As most fans know, M*A*S*H was based on a book. And on many accounts, the writers of the series followed the original tale well. But there was one particular storyline that they didn’t agree with—which doctor was best suited to be the chief surgeon.
When the book, titled M*A*S*H: A Novel About Three Army Doctors, debuted in 1968, it was Captain “Trapper John” McIntyre who ran the 4077’s medical team. And he also held the position for the movie that dropped two years later. In both, Capt. Benjamin Franklin “Hawkeye” Pierce reported to his best friend as a combat surgeon.
But when the classic TV series hit CBS in 1972, the chain of command looked a little different. And that caused some confusion for fans who had followed the wartime story from the start.
On the show, Trapper John was still a highly skilled surgeon who played a heavy hand in the plot during seasons 1 through 3. But he was not the M*A*S*H chief surgeon. Instead, that honor went to Hawkeye.
However, the writers did try to help ease the confusion by dedicating an entire episode to Hawkeye’s lead role. During the Season 1 installment aptly titled Chief Surgeon Who?, Lt Col Henry Blake hands Hawkeye the chief promotion. And from that day forward, he is the only person to hold the title. Never once did the show mention that Trapper John was ever the chief of the 4077.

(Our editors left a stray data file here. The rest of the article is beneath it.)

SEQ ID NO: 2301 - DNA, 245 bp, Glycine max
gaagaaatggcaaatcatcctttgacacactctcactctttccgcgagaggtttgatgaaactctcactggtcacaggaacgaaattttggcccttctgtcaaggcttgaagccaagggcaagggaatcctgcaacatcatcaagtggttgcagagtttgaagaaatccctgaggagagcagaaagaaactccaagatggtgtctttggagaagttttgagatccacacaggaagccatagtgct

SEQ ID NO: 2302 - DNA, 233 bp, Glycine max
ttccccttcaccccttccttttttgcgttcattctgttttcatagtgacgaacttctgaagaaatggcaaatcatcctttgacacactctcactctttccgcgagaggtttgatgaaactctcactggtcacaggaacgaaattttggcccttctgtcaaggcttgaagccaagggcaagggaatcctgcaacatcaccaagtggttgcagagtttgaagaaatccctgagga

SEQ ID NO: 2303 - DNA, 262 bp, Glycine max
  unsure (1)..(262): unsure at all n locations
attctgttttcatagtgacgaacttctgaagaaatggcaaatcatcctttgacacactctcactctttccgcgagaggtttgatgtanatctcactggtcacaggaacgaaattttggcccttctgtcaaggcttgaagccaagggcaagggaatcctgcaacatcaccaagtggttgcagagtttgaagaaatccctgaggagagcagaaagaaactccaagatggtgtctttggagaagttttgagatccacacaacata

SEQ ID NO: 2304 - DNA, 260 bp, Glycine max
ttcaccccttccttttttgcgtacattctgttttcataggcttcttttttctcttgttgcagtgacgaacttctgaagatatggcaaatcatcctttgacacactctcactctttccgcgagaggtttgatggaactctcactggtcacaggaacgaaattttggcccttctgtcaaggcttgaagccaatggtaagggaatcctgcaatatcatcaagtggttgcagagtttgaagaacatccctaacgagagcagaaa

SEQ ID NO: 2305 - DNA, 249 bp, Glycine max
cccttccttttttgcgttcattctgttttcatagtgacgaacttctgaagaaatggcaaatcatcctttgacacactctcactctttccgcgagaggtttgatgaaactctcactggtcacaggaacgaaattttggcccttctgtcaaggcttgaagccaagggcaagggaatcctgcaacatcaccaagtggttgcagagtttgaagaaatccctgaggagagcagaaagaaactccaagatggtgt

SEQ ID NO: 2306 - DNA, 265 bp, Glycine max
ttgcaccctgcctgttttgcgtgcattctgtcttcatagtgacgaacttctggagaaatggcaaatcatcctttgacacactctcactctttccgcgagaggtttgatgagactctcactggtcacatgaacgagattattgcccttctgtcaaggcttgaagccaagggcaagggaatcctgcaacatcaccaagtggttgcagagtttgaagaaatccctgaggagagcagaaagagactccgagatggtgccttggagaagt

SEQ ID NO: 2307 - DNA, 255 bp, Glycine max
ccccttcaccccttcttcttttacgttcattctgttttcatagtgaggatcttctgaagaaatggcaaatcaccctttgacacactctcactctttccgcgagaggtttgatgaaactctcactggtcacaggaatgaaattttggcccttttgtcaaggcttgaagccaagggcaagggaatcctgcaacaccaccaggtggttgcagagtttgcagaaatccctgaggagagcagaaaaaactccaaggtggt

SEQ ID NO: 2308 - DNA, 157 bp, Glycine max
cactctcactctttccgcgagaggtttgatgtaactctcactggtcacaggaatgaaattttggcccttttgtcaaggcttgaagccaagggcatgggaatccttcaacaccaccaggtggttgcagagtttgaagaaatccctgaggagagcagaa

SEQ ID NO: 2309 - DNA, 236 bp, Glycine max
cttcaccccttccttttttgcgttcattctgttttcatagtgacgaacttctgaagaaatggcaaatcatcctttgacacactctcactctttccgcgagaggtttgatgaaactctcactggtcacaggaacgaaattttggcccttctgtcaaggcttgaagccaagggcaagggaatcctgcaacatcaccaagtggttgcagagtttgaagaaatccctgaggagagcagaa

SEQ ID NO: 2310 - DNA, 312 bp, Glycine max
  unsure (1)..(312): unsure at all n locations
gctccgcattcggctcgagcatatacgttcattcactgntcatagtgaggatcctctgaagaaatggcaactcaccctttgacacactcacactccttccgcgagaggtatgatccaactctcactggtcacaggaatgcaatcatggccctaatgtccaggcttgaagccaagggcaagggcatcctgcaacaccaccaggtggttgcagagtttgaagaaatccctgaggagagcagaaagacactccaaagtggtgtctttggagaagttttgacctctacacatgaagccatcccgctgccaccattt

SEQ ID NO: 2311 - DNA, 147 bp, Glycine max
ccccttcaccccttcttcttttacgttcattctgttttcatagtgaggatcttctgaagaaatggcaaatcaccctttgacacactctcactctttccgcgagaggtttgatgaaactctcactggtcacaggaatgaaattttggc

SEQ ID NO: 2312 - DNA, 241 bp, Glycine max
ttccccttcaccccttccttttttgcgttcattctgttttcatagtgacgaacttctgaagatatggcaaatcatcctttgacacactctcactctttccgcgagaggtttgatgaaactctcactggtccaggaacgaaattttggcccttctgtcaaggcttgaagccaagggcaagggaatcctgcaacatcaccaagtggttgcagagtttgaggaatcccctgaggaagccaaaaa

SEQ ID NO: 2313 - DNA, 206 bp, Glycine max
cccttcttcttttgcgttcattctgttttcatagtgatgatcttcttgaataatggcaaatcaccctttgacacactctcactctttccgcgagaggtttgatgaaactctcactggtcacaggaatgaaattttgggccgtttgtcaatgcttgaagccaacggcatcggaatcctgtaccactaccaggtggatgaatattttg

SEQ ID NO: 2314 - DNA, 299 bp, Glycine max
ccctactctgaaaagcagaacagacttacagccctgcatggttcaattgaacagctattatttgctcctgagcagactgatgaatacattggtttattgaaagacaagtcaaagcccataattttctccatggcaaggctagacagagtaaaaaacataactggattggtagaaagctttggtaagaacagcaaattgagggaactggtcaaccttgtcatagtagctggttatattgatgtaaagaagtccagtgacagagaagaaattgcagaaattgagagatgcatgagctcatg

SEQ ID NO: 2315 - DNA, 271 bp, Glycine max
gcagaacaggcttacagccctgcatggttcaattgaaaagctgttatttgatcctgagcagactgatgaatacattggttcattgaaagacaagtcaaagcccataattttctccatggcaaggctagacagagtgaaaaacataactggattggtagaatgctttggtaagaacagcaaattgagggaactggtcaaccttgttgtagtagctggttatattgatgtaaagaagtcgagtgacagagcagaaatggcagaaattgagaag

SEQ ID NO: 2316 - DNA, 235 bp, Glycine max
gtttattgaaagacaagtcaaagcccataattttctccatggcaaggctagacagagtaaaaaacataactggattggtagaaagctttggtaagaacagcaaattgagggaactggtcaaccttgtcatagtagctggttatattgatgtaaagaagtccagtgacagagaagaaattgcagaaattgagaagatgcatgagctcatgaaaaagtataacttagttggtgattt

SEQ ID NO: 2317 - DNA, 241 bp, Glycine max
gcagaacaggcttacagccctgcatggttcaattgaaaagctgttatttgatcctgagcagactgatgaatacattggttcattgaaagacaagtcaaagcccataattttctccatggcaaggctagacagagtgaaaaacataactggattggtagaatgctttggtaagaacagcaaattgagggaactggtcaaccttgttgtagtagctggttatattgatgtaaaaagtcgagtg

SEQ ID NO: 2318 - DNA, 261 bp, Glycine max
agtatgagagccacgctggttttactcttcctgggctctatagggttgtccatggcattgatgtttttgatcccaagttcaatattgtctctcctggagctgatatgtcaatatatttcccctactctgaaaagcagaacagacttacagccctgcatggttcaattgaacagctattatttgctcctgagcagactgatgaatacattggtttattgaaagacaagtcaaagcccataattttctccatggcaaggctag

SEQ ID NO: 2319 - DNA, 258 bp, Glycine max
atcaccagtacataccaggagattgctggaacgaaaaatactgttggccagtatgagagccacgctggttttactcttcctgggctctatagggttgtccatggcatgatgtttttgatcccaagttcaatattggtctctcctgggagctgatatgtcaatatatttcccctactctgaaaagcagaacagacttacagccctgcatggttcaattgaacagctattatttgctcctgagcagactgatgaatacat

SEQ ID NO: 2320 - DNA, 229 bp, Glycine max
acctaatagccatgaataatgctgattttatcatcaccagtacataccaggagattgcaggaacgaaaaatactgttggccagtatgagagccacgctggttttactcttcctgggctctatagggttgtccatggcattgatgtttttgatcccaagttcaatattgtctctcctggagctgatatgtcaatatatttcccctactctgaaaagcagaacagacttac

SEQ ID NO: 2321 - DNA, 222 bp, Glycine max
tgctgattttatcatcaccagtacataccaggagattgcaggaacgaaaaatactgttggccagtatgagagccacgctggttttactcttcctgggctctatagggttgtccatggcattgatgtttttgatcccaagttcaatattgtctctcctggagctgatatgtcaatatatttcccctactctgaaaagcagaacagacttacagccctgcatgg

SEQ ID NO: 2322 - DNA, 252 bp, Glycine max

Hawkeye Seemed to Better Fit the Chief Surgeon Role on ‘M*A*S*H’ Series
The reason behind Blake’s decision was because of the respect that the rest of the soldiers had for Hawkeye. His hard-earned surgical skills didn’t hurt either. In the story, Hawkeye held two medical specialty certifications.
Of course, Hawkeye’s promotion didn’t come without its drama. Another surgeon was gunning for the position and was surprised when Blake passed him over. But interestingly, it wasn’t Trapper John who had sour grapes. Instead, Major Frank Burns threw a fit about the decision.
Burns outranked Hawkeye on M*A*S*H, so he believed he was the logical choice for the chief surgeon position. But Burns never waivered from his decision because he believed that Hawkeye was a better doctor under pressure.
And for the sake of the series, naming Hawkeye as the lead surgeon turned out to be a solid re-write. Out of all of the doctors who were technically up for the position, he was the only one to remain on screen for all 11 seasons.
Trapper John’s Wayne Rogers left in 1978 because he believed he wasn’t getting enough comic material, among other things. And Frank Burns’ Larry Linville left that same year because he thought his character had played itself out.